With the tmap package, thematic maps can be generated with great flexibility. The syntax for creating plots is similar to that of
ggplot2. The tmap package also contains many facility functions for reading and processing shape files (see overview). This vignette will focus on the core business of tmap, which is plotting maps. It’s also possible to plot maps interactively; see
We refer to shape objects as objects from the class
Raster, respectively from the
sp and the
raster package. The supported subclasses are:
|Without data||With data|
Obviously, shape objects with data (the right-hand side column) are recommended, since data is what we want to show.
Load shape object of Europe (contained in this package):
Shape objects in ESRI format can be read with
read_shape and written with
write_shape. Projection can be get and set with
set_projection respectively. Note: projections can also directly (and temporarily) be set in the plotting method (as argument of
tm_shape, see below).
The plotting syntax is based on that of
qtm function is
tmap’s equivalent to
qplot. The first, and only required argument is a shape object:
So, by default, the polygons (in case the shape object is a SpatialPolygonsDataFrame) are filled with light grey, and the polygon borders are drawn in dark grey.
A choropleth is created with the following code:
qtm(Europe, fill="well_being", text="iso_a3", text.size="AREA", root=5, fill.title="Well-Being Index", fill.textNA="Non-European countries", format="Europe", style="gray")
In this code,
text serve as aesthetics. Both
iso_a3 are variables of the data contained in the shape object
Europe. A color palette, in this case the qualitative palette from yellow to red, is mapped to the values of
well_being. The variable
iso_a3 contains the text labels, in this case the country codes. The arguments
root determine the fontsizes of the text labels (in this case, the fifth root of the area sizes are taken). The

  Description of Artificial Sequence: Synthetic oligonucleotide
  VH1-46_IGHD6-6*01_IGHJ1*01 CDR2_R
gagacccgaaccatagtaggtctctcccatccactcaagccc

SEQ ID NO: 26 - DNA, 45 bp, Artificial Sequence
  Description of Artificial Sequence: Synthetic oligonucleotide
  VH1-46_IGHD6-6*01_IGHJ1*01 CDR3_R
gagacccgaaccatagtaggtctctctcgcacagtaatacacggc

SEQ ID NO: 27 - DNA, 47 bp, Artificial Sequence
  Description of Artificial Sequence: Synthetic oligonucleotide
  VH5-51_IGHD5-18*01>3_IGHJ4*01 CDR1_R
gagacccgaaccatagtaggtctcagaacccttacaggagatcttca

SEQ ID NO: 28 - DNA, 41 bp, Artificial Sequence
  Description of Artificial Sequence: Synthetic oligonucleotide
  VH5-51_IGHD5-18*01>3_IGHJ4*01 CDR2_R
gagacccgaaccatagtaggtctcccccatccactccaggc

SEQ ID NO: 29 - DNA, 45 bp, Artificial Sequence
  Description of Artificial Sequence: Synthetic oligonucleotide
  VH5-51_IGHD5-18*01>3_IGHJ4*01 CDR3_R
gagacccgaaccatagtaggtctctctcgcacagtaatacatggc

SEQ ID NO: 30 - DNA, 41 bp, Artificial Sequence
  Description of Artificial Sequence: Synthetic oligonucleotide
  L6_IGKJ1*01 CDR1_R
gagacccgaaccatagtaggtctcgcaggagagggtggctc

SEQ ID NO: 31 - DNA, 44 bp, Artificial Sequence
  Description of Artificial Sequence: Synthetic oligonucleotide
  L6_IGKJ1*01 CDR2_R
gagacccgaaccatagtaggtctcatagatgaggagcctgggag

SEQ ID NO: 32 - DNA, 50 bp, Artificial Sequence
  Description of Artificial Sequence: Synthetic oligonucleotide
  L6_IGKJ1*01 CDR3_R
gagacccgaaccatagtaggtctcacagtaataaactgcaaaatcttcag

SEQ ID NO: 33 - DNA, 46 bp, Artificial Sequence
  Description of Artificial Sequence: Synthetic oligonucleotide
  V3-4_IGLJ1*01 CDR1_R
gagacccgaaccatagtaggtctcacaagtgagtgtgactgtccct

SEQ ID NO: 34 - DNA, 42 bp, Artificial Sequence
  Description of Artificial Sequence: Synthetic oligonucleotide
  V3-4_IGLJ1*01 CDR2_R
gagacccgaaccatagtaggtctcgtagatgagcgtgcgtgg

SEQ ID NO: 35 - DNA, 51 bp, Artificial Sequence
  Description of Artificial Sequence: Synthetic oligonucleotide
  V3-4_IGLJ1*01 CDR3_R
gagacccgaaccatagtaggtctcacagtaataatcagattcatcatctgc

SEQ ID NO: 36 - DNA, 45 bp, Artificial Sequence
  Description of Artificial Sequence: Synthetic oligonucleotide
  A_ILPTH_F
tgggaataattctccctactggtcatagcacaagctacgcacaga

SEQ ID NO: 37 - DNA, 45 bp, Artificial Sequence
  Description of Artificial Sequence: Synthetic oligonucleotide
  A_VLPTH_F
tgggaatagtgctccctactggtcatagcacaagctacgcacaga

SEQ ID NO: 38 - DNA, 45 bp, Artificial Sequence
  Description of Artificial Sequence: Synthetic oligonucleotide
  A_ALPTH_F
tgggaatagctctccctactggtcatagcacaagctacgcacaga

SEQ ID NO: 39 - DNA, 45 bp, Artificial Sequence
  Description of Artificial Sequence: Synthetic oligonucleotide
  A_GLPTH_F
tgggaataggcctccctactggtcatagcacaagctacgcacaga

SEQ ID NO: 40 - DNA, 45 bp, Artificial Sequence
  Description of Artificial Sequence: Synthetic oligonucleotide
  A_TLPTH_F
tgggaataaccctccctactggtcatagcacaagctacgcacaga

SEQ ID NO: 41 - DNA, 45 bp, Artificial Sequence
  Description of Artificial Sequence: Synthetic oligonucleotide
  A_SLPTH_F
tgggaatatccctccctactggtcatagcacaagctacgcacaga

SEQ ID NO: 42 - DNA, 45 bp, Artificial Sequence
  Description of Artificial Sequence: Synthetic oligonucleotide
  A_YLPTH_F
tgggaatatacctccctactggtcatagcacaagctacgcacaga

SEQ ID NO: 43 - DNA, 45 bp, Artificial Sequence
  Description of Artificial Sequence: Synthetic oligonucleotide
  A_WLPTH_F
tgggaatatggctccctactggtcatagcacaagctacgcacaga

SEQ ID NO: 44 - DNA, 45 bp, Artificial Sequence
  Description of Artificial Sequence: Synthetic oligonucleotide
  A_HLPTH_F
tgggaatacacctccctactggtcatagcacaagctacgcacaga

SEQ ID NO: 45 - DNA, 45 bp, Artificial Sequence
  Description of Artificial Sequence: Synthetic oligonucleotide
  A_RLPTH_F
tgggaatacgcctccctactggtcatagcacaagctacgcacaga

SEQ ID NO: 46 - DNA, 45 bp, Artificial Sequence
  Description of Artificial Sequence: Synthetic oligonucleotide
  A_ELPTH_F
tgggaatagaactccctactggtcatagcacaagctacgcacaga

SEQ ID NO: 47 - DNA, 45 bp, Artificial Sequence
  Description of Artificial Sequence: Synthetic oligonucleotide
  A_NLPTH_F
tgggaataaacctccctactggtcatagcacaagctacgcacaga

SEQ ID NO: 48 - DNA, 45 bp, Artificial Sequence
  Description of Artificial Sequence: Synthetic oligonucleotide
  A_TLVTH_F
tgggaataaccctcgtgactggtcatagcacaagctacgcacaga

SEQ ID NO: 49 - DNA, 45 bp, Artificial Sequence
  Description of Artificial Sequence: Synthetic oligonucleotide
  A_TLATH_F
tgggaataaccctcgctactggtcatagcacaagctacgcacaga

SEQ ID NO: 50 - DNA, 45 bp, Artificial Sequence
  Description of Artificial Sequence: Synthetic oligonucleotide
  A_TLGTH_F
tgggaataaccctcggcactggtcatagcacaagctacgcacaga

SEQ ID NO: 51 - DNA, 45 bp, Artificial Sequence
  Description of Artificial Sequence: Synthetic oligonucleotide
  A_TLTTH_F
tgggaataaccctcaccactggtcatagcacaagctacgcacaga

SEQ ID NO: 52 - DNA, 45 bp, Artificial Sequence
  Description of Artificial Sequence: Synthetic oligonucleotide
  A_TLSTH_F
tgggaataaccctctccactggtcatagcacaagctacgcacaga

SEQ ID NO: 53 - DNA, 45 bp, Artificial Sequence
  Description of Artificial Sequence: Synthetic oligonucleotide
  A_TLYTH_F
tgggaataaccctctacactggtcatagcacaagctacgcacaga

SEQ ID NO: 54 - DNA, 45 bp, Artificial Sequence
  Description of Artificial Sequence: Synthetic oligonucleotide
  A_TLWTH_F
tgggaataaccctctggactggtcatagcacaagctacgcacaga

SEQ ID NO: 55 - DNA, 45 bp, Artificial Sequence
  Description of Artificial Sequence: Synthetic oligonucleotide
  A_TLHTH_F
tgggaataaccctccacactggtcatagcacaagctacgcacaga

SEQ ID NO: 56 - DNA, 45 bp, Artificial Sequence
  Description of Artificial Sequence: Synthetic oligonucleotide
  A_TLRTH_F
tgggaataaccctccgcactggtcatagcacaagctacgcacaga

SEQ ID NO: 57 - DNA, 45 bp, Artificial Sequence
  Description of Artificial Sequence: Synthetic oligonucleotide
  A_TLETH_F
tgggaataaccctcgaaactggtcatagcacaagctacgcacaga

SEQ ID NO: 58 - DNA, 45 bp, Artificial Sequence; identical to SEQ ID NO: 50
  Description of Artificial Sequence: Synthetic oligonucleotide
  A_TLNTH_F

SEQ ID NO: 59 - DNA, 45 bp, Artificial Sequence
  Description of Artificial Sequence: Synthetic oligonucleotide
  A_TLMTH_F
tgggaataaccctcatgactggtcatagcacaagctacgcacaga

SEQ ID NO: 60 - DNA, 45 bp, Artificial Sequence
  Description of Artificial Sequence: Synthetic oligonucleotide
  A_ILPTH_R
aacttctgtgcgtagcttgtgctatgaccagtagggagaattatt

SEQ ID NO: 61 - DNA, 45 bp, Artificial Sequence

fill.title argument is the title for the
fill-legend. The argument
fill.textNA is the legend text for missing values. The final two arguments,
style are predefined layout settings for this shape object (see layout).
qtm offers the same flexibility as the main plotting method (to be described next). However, for more complex plots, the main plotting method is recommended for tis readability.
The main plotting method, the equivalent to
ggplot, consists of elements that start with
tm_. The first element to start with is
tm_shape, which specifies the shape object. Next, one, or a combination of the following drawing layers should be specified:
||Fills the polygons||col|
||Draws polygon borders||col, lwd|
||Draws bubbles||size, col|
||Draws polylines||col, lwd|
||Draws a raster||col|
||Add text labels||text, size, col|
Both constant values as well as data variable names can be assigned to the aesthetic arguments (except for
tm_borders). For instance,
tm_fill(col="blue") colors all polygons blue, while
"var1" is the name of a data variable in the shape object, creates a choropleth. If a vector of constant values or variable names are provided, small multiples are created.
The following layers are map attributes:
||Add coordinate grid lines|
||Add credits text label|
||Add map compass|
||Add scale bar|
The last plot is reproduced as follows: